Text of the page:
|Hillary Clinton & Bernie Sanders|
Although California experimented with earlier primary elections in February (2008) and March (1996, 2000, and 2004), none of these were decisive because California had moved to a proportional award of delegates in the 1970's. Campaigns haven't bothered with us.
This year promises to be different.
Next up are Florida, Illinois, Ohio, North Carolina, and Missouri this coming Tuesday. The Republican contests in Florida, and Ohio are winner take all affairs; and the winner in Illinois will receive "most" delegates. On the Democratic side delegates will be awarded proportionally. Still, none of these states will be decisive. Here is the present tally...
Republicans (1237 needed to win):
Democrats (2383 needed to win)
Clinton 760 (+461 Superdelegates)
Sanders 546 (+25 Superdelegates)
Superdelegates are prominent Democratic party members who are free to vote for any candidate. Most Superdelegates have committed for Hillary. There are 88 Superdelegates in Tuesday's contests and this means Hillary is on target to have approximately 1,300 delegates before the voting starts on Tuesday (55% of the total needed). The Sanders folks, however, rightly point out that Bernie trails by only 214 votes among pledged delegates, and he continues to be successful in raising lots of money. He's far from having given up.
There are 620 pledged delegates up for grabs on Tuesday on the Democratic side: Florida (214), Illinois (156), Ohio (143), and North Carolina (107). If Hillary wins next Tuesday as predicted by Project 538, she will win another ~410 pledged delegates; but Bernie will also win ~210. This will bring Hillary's total to somewhere in the 1,170 pledged delegate range, and Bernie in the ~756 pledged delegate range. Even if we add Superdelegates, Clinton will still only have ~71% of the total delegates needed to clinch the nomination.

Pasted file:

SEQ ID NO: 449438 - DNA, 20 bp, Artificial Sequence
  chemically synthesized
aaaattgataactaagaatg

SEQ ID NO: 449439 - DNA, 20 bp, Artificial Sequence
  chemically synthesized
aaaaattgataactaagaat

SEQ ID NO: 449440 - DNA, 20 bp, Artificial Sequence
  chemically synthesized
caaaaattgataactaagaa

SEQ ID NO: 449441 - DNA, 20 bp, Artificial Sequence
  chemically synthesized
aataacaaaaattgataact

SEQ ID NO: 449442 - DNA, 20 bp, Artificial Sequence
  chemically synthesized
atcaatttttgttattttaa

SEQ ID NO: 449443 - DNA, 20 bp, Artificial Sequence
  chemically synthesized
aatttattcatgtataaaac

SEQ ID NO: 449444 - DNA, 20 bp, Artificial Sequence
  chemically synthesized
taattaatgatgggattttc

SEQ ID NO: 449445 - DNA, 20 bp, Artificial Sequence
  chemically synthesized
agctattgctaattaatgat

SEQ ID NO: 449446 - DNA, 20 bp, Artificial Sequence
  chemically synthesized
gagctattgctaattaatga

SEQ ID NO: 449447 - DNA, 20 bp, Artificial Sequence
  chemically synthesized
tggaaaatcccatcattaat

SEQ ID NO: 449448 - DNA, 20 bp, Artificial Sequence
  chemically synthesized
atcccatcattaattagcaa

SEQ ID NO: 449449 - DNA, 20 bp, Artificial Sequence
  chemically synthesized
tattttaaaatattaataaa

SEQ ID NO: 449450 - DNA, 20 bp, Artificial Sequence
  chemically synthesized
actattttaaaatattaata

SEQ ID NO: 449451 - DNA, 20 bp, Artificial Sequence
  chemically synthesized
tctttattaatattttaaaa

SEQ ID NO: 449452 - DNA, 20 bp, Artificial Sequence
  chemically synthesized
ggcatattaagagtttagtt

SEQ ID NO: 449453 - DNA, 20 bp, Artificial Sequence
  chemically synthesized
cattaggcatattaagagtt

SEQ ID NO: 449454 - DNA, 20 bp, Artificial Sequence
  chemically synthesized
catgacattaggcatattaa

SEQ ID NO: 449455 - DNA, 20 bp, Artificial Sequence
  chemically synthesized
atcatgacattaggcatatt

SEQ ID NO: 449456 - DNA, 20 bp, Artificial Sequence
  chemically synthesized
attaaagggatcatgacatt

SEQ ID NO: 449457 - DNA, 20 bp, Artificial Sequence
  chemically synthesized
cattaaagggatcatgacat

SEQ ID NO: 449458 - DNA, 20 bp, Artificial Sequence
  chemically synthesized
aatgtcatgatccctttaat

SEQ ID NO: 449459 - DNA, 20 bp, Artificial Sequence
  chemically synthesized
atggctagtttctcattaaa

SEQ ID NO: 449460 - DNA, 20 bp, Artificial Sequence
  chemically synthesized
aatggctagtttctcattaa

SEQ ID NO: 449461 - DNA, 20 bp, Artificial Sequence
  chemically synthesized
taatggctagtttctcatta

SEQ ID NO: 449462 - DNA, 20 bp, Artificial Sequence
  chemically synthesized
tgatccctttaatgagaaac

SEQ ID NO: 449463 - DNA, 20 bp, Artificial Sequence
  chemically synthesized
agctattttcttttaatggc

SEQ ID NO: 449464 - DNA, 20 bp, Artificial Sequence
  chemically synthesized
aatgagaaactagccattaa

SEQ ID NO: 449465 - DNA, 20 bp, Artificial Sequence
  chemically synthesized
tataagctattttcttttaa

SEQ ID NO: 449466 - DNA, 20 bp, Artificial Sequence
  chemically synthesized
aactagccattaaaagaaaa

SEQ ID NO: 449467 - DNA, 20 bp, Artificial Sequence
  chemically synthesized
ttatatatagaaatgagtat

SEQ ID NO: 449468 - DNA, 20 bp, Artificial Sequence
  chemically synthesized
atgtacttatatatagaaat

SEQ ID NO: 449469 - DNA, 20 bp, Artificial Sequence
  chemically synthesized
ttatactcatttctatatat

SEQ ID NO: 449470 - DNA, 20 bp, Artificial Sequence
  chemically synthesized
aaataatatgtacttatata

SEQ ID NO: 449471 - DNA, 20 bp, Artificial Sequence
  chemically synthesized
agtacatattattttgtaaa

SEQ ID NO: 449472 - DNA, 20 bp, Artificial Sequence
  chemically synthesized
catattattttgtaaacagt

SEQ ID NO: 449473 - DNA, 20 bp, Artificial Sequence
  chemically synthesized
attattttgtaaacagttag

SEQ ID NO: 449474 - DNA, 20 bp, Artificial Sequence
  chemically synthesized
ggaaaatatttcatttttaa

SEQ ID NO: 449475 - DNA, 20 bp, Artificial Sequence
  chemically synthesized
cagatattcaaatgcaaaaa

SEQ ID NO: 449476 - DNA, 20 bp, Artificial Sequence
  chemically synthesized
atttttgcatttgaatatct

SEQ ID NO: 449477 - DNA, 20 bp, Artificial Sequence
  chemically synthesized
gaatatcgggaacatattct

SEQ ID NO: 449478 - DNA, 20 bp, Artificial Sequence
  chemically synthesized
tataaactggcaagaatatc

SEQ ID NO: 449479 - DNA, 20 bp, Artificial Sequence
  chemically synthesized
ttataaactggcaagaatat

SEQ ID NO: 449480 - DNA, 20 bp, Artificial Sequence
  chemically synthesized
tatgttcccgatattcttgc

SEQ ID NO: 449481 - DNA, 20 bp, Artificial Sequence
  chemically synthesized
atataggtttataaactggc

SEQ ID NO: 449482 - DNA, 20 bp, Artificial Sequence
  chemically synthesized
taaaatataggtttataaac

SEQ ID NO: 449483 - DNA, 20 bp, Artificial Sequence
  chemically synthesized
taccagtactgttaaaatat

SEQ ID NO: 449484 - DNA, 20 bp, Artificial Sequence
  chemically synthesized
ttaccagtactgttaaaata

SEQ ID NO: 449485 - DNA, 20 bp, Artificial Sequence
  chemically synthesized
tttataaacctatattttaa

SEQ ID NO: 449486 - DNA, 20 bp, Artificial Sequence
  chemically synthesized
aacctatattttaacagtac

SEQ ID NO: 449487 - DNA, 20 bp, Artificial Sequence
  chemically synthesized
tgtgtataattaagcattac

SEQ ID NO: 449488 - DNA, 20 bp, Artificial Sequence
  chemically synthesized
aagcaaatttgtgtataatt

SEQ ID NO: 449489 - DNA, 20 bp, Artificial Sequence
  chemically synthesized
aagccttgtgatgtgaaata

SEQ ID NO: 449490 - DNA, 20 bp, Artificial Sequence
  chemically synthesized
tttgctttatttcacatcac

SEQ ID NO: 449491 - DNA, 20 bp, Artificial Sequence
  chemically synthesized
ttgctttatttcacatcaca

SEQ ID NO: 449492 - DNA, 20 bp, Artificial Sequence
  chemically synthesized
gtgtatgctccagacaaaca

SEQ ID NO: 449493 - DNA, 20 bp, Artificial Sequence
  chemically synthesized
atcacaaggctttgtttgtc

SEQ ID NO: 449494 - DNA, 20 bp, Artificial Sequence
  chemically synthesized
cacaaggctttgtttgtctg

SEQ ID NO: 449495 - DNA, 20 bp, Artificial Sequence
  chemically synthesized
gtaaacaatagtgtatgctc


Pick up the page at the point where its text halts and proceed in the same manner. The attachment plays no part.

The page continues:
On the Republican side, Donald Trump is predicted to win Florida (99 winner take all delegates), Illinois (69 winner take most delegates), and North Carolina (72 proportional delegates); John Kasich (is predicted to win Ohio (66 winner take all delegates). If this goes according to prediction, Trump should win another ~187 delegates on Tuesday. This will bring Trump's total to ~645, or 52% of the way to the total needed to secure the contest on the Republican side.
As we look ahead to March 22 (Arizona, Idaho, and Utah) 149 delegates will be awarded on the Democratic side. This will be followed by 172 delegates decided on March 26 (Washington, Hawaii, and Alaska). With delegates awarded proportionally to votes received, it's clear this primary between Bernie and Hillary will drag on for a while.
On the Republican side too, things will slow down after Tuesday. Forty proportionally awarded delegates are up to be awarded in Utah on March 22, then nothing until April 5 (42 winner-take-all delegates awarded in Wisconsin); after that it's New York on April 19, 2016, but New York's 95 delegates will be awarded proportionally.
Therefore, it looks like both contests should still be very much in play on June 7 when 250 winner-take-all delegates are up for grabs on the Republican side (California, Montana, New Jersey) and 758 delegates are up for grabs on the Democratic side. Clinton and Trump are currently leading in both California and New Jersey.
For us Californians, it looks like we're going to have to leave our armchairs and get in the fray.
|Unknown photo/internet stock|